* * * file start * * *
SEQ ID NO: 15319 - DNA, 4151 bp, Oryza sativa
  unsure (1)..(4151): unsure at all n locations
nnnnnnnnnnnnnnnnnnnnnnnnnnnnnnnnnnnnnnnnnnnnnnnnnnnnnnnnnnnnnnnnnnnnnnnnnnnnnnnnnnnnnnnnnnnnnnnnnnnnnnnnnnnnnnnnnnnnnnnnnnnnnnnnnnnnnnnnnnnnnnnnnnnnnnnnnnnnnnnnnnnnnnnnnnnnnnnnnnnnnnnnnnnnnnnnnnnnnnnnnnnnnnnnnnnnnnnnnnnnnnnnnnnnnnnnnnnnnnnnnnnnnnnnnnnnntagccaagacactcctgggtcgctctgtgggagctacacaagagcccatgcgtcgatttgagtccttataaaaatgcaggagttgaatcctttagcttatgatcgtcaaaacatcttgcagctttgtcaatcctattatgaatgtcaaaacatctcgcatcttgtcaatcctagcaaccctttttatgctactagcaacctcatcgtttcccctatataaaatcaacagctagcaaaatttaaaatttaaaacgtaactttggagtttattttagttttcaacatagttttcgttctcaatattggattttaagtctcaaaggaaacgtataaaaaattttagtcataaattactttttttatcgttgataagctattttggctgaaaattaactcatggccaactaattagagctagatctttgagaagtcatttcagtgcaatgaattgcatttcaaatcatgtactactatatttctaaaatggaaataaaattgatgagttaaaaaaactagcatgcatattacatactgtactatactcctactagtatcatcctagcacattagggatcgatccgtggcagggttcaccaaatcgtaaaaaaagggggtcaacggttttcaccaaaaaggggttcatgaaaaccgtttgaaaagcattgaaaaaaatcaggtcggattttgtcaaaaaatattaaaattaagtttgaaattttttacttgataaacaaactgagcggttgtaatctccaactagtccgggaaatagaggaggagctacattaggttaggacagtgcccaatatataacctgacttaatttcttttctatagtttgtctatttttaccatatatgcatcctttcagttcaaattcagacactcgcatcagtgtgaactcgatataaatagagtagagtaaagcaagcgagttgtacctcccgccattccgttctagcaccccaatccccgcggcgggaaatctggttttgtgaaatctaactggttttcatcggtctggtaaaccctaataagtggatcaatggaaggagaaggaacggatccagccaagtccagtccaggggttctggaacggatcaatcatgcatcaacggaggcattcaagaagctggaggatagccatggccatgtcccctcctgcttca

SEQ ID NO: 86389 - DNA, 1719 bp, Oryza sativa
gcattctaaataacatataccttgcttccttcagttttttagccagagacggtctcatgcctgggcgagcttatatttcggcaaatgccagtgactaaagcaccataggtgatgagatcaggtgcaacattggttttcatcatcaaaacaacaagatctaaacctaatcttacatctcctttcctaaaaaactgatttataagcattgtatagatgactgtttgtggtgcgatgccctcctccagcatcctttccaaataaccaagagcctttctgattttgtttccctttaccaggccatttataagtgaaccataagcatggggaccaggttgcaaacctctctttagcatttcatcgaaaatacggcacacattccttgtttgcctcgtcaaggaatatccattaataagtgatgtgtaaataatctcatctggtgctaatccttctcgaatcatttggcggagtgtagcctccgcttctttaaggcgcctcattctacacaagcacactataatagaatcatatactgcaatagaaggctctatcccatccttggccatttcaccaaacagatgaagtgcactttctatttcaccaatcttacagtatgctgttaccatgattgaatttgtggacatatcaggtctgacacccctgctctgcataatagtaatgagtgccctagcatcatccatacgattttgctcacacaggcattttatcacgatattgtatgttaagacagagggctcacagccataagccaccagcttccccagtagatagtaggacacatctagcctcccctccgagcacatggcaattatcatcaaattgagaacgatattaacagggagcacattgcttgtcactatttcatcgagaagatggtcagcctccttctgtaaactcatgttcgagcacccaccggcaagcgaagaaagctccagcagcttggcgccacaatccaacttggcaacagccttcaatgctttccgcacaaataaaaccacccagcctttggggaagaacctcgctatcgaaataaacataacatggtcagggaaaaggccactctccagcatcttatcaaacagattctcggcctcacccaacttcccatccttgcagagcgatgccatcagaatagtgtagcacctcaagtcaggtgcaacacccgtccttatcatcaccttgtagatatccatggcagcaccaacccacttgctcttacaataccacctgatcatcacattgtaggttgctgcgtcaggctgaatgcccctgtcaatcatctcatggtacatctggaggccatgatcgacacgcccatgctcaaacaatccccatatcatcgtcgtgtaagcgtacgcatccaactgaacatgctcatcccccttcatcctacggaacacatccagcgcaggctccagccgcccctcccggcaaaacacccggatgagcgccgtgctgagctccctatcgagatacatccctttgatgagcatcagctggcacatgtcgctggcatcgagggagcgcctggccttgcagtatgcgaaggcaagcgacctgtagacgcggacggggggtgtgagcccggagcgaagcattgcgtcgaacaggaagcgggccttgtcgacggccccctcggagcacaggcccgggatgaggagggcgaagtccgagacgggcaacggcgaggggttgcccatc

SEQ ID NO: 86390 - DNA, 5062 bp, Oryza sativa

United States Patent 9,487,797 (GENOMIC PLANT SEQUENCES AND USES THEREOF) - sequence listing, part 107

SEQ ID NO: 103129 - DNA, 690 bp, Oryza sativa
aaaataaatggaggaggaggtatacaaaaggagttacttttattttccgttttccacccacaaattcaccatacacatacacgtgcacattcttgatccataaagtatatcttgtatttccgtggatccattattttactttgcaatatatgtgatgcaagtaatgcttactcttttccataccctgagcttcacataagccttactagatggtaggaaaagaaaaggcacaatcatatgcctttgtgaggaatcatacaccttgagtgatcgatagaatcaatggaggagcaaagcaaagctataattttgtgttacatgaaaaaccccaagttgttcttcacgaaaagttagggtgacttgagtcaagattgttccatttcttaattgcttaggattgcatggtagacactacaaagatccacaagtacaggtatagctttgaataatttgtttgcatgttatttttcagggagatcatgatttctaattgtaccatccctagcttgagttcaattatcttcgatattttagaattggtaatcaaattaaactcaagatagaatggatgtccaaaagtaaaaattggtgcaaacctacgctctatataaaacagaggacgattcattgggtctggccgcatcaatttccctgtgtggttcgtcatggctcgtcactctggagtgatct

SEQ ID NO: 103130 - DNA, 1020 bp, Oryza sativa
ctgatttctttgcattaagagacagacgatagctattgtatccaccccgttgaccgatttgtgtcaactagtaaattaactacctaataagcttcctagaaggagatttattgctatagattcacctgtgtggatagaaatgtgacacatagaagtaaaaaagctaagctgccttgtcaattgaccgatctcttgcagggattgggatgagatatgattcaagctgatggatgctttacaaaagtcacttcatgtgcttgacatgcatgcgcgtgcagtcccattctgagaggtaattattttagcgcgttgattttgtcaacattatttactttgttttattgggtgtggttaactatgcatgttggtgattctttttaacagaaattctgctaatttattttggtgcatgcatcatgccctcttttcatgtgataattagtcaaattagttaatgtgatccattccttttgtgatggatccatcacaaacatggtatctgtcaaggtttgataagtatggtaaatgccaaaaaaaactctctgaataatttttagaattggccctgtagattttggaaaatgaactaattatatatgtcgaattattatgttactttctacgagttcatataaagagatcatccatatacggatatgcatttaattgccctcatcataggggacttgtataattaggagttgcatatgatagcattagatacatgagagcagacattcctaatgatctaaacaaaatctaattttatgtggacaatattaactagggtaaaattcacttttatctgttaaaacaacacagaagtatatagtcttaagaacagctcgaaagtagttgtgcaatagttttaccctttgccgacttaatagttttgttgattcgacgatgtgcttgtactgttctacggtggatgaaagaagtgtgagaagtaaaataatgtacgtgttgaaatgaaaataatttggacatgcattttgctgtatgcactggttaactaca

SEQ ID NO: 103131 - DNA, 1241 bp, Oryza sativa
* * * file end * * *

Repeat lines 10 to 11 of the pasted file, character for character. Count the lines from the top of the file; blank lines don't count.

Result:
SEQ ID NO: 103130 - DNA, 1020 bp, Oryza sativa
ctgatttctttgcattaagagacagacgatagctattgtatccaccccgttgaccgatttgtgtcaactagtaaattaactacctaataagcttcctagaaggagatttattgctatagattcacctgtgtggatagaaatgtgacacatagaagtaaaaaagctaagctgccttgtcaattgaccgatctcttgcagggattgggatgagatatgattcaagctgatggatgctttacaaaagtcacttcatgtgcttgacatgcatgcgcgtgcagtcccattctgagaggtaattattttagcgcgttgattttgtcaacattatttactttgttttattgggtgtggttaactatgcatgttggtgattctttttaacagaaattctgctaatttattttggtgcatgcatcatgccctcttttcatgtgataattagtcaaattagttaatgtgatccattccttttgtgatggatccatcacaaacatggtatctgtcaaggtttgataagtatggtaaatgccaaaaaaaactctctgaataatttttagaattggccctgtagattttggaaaatgaactaattatatatgtcgaattattatgttactttctacgagttcatataaagagatcatccatatacggatatgcatttaattgccctcatcataggggacttgtataattaggagttgcatatgatagcattagatacatgagagcagacattcctaatgatctaaacaaaatctaattttatgtggacaatattaactagggtaaaattcacttttatctgttaaaacaacacagaagtatatagtcttaagaacagctcgaaagtagttgtgcaatagttttaccctttgccgacttaatagttttgttgattcgacgatgtgcttgtactgttctacggtggatgaaagaagtgtgagaagtaaaataatgtacgtgttgaaatgaaaataatttggacatgcattttgctgtatgcactggttaactaca